A contemplative life seeks to allow the true self, the essential self, to blossom – not to destroy the ego, but to put it in its rightful place. We enhance this process of growth through contemplative practices. When Jesus talks about losing one’s life for his sake, he is referring to losing our ego as the primary source for interpreting the world around us. Our egos can be good servants, but they are tyrants as masters. I will focus on our essence next week.

This is the 5th in the series of Life Notes titled A Contemplative Life.

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The Seen and Unseen

 So we do not lose heart. Even though our outer nature is wasting away, our inner nature is being renewed day by day. For this slight momentary affliction is preparing us for an eternal weight of glory beyond all measure, because we look not at what can be seen but at what cannot be seen; for what is seen is temporary, but what cannot be seen is eternal.  2 Corinthians 4:16-18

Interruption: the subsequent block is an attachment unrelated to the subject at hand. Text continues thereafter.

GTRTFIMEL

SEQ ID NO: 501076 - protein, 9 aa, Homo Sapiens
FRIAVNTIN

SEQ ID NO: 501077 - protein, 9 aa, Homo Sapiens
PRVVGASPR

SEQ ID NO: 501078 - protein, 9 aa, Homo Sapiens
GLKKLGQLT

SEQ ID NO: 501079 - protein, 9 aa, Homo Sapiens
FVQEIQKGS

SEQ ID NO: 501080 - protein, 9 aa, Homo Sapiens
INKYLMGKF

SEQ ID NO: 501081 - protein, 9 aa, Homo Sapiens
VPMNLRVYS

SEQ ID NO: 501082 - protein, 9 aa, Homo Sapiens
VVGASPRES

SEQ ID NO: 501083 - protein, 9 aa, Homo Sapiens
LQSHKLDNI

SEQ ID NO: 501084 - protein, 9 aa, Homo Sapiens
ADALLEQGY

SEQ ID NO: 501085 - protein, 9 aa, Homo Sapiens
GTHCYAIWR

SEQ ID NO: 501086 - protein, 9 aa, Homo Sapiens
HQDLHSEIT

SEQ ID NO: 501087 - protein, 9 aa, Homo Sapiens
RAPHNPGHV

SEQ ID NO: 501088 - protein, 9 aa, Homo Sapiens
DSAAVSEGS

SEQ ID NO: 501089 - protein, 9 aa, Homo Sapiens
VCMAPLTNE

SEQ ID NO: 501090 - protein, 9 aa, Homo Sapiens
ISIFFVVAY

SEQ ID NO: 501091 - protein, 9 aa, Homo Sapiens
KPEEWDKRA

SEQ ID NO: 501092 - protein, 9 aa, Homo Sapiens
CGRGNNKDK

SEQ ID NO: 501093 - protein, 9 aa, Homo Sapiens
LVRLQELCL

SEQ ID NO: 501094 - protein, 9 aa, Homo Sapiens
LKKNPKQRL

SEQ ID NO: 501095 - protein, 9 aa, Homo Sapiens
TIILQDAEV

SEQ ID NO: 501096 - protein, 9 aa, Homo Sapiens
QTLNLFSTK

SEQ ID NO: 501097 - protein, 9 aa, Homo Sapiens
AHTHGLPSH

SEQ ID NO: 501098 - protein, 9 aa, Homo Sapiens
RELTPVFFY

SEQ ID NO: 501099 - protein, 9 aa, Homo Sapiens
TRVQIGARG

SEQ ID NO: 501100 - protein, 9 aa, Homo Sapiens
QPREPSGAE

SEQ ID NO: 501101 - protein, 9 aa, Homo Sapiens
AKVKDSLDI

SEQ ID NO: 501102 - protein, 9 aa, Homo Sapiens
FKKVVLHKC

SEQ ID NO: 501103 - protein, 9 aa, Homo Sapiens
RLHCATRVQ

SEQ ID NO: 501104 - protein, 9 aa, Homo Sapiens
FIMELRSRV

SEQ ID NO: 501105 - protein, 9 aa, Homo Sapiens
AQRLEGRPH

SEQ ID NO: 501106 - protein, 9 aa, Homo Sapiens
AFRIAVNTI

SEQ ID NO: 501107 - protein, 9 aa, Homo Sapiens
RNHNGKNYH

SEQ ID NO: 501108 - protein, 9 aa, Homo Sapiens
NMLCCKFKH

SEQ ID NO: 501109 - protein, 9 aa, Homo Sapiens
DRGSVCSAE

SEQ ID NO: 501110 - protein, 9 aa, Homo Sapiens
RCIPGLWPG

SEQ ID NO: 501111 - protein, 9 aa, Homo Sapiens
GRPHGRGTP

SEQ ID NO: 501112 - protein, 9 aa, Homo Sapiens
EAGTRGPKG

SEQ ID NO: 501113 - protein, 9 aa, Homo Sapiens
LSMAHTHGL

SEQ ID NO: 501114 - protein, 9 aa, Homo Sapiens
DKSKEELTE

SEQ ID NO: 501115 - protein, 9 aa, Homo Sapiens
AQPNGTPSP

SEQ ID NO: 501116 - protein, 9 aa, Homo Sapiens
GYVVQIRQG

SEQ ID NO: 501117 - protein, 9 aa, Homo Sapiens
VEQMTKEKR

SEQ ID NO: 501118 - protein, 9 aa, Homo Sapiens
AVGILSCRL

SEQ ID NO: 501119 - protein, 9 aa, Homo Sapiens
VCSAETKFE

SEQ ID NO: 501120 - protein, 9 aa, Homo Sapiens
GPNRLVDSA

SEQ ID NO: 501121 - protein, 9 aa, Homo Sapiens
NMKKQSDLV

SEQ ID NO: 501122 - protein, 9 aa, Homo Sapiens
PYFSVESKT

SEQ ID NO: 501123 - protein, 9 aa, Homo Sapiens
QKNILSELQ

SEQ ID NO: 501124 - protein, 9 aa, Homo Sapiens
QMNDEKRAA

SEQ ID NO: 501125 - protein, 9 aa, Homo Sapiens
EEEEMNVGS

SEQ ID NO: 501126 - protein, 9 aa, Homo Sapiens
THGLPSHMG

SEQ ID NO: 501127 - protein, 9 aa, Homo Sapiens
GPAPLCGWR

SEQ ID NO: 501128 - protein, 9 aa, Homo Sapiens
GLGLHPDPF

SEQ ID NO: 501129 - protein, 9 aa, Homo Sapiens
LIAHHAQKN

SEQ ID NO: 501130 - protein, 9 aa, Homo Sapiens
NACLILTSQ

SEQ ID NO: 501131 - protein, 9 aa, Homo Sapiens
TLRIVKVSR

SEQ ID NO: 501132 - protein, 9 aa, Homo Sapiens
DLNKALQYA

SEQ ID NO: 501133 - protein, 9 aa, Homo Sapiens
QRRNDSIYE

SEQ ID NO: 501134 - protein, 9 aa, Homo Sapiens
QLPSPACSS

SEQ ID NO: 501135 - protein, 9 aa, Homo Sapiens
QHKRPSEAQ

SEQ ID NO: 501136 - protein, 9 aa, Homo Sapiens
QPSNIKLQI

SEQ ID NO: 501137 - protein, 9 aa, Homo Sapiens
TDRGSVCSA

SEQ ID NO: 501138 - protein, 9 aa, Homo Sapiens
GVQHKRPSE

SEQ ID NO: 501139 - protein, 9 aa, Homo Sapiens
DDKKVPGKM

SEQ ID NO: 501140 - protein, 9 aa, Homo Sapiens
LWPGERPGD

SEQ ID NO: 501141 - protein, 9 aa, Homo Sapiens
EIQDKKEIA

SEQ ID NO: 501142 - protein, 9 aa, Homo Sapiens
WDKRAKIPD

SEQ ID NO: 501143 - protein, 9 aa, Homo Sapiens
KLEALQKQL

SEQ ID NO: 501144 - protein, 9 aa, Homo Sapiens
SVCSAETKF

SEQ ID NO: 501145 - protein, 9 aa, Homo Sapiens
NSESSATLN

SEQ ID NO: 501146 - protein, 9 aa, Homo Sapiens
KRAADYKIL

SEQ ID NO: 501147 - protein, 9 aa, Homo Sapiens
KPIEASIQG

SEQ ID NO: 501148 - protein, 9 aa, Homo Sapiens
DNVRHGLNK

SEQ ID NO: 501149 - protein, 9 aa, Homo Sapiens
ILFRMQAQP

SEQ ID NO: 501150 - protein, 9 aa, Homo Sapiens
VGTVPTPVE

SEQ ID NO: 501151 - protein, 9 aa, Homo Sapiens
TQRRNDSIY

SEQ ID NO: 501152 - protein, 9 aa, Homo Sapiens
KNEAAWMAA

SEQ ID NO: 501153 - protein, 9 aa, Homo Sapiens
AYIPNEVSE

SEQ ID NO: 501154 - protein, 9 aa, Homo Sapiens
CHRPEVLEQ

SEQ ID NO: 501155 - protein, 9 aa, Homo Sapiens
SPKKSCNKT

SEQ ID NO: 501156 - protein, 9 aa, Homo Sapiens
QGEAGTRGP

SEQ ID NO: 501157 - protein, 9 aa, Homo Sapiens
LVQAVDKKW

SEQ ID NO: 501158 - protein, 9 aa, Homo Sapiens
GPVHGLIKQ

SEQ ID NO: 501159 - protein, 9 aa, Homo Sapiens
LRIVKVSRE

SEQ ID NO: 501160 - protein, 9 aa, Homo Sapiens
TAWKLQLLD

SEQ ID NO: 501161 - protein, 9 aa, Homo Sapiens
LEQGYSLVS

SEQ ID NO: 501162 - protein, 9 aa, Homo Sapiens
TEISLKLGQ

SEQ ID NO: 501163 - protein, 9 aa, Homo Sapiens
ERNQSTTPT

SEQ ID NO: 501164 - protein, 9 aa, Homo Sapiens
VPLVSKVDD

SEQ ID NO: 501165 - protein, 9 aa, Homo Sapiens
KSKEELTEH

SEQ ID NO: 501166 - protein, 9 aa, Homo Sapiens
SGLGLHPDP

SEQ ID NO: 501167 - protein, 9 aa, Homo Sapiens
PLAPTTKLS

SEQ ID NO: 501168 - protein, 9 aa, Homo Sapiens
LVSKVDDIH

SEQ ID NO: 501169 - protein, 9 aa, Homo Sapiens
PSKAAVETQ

One of the human afflictions Jesus addressed was blindness. True, he cured those whose eyes did not work properly, but physical blindness was not his primary concern. Spiritual blindness – a lack of awareness of the unseen realities within and around us – was his primary concern. “You have eyes but do not see,” was a common sentiment. We are blind to vast swaths of reality in our typical day-to-day consciousness. In general, we focus on what is seen and ignore what is unseen. From imaginary playmates as children to the communion of saints guiding us as adults, if it cannot be seen, touched, heard, or smelled, it cannot be real. A contemplative life expands one’s awareness of what is real and important to include both what is perceived by our senses, as well as that which is not.